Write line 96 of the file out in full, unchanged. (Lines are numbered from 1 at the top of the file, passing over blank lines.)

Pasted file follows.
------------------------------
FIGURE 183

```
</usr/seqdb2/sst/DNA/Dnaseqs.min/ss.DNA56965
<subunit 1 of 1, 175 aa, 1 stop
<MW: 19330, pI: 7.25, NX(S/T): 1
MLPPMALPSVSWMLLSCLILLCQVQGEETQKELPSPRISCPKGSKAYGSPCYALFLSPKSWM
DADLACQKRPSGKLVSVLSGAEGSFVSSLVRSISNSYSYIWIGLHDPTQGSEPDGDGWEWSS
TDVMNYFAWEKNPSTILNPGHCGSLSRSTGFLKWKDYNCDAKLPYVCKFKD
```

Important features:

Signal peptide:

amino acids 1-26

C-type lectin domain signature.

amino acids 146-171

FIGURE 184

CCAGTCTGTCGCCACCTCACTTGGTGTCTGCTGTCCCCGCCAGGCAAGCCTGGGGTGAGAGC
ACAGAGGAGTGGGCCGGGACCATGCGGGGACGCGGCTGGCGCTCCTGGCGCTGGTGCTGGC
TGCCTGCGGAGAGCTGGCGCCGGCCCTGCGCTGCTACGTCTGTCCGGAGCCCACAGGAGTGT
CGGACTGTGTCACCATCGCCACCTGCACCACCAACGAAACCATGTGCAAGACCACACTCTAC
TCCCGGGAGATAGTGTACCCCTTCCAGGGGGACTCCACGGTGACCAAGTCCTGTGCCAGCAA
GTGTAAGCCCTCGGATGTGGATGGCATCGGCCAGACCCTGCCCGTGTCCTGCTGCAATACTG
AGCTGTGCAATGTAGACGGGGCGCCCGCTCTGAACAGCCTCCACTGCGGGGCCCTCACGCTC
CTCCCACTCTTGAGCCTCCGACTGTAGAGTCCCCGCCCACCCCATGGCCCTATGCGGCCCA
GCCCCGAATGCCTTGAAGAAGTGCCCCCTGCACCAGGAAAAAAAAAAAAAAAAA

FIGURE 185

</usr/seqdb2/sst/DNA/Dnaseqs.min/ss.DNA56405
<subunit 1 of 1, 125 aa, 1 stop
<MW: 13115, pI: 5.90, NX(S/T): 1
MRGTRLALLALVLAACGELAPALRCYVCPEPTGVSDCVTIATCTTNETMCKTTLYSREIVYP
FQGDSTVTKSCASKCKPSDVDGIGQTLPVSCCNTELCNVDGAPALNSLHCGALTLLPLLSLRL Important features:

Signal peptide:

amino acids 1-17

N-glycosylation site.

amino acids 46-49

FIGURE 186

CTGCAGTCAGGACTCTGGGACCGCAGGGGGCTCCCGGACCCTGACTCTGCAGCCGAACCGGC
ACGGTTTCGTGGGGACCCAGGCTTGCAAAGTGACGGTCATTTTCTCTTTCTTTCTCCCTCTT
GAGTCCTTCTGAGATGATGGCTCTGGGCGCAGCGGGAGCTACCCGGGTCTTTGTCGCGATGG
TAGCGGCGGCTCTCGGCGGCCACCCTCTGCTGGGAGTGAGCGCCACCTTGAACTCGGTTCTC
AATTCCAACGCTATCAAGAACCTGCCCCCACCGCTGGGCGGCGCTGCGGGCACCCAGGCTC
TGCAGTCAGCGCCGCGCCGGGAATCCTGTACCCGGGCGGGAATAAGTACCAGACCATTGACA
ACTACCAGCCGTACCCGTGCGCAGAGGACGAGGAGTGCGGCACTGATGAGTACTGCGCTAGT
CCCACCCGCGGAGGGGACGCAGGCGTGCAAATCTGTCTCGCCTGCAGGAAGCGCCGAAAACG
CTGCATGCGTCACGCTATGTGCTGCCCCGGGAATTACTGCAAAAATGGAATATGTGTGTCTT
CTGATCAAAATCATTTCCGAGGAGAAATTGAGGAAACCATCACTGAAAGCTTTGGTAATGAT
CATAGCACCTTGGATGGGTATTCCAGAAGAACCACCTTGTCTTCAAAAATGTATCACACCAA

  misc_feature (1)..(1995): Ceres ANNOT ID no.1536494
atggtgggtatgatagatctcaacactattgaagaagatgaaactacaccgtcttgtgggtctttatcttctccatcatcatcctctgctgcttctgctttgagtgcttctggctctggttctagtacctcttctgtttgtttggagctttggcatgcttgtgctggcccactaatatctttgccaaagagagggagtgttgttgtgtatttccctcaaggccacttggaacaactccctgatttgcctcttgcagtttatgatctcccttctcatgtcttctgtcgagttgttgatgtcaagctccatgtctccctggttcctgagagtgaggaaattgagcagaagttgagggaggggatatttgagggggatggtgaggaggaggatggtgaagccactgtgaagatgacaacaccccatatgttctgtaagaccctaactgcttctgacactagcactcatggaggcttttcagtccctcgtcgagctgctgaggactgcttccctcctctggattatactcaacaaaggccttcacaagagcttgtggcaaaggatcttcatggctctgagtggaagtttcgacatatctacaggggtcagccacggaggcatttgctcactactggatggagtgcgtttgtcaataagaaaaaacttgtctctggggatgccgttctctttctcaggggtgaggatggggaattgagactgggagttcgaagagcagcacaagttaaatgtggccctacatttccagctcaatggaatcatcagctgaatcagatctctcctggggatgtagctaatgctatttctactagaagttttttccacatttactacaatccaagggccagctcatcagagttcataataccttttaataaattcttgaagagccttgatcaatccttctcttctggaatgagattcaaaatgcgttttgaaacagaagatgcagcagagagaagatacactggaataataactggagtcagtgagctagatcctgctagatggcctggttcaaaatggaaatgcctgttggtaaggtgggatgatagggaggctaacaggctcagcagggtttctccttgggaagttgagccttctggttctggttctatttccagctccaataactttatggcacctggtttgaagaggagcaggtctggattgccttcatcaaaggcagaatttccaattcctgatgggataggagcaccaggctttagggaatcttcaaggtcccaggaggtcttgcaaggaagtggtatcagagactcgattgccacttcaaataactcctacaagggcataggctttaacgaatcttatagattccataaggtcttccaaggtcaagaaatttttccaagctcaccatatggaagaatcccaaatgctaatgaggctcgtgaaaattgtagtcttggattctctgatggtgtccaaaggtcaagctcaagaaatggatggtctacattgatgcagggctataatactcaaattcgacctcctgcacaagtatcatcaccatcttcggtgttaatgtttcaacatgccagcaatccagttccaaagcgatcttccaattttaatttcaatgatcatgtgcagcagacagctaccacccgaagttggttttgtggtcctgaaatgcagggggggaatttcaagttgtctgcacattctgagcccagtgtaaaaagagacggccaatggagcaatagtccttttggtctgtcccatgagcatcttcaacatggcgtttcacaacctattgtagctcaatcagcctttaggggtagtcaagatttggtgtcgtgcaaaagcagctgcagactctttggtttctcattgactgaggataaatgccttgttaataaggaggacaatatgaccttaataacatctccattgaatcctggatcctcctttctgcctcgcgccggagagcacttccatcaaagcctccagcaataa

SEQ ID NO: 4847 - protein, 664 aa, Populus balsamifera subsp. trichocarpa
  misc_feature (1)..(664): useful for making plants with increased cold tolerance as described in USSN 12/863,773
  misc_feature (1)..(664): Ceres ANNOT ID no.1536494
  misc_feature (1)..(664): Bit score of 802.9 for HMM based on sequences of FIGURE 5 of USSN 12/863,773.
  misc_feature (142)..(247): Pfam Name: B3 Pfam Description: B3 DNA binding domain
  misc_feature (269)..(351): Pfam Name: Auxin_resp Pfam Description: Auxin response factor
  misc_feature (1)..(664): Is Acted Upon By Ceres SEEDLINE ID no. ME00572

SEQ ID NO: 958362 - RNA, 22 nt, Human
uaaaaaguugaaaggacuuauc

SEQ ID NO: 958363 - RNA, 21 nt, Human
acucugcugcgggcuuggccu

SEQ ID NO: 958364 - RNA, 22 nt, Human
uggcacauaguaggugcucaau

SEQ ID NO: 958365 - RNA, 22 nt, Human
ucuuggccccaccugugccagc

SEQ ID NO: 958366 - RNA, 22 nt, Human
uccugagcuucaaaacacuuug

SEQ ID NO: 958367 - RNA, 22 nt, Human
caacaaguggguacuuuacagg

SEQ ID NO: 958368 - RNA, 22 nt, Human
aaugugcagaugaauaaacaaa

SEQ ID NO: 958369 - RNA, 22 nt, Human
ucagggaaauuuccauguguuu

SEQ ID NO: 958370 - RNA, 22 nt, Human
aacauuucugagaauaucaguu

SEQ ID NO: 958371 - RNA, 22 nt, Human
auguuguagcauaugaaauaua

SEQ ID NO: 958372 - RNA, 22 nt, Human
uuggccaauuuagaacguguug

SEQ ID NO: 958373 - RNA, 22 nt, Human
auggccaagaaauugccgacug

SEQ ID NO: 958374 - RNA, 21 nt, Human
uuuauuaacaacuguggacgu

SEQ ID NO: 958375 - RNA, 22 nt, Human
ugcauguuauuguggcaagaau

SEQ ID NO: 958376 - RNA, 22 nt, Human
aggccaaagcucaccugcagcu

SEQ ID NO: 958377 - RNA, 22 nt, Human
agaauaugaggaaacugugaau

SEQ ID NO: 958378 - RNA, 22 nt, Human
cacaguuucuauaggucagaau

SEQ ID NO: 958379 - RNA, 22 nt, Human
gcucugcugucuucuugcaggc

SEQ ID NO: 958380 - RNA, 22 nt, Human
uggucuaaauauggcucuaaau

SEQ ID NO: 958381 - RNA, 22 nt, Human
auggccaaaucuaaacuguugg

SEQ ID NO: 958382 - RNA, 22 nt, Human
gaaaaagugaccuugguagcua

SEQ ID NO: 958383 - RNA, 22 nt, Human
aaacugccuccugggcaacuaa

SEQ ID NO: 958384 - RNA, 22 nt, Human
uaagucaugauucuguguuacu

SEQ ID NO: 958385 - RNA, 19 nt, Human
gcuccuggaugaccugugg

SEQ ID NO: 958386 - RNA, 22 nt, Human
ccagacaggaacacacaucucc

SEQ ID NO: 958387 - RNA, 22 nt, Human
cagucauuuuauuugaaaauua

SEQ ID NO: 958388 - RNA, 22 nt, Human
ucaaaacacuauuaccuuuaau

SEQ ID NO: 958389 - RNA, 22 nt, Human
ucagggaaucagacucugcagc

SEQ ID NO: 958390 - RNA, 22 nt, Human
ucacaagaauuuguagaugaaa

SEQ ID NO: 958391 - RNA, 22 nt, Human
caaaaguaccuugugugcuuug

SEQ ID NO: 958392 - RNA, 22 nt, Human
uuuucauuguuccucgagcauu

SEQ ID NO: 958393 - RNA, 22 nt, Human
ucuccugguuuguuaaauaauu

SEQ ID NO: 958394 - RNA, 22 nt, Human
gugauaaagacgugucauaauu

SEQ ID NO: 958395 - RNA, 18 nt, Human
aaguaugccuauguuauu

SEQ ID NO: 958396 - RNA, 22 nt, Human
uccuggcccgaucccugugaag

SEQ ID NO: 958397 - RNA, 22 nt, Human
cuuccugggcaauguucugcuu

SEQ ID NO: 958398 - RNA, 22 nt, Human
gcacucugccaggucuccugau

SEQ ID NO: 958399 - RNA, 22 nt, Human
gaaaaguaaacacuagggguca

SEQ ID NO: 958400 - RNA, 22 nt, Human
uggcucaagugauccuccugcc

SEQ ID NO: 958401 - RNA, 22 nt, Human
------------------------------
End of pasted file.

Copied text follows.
SEQ ID NO: 958382 - RNA, 22 nt, Human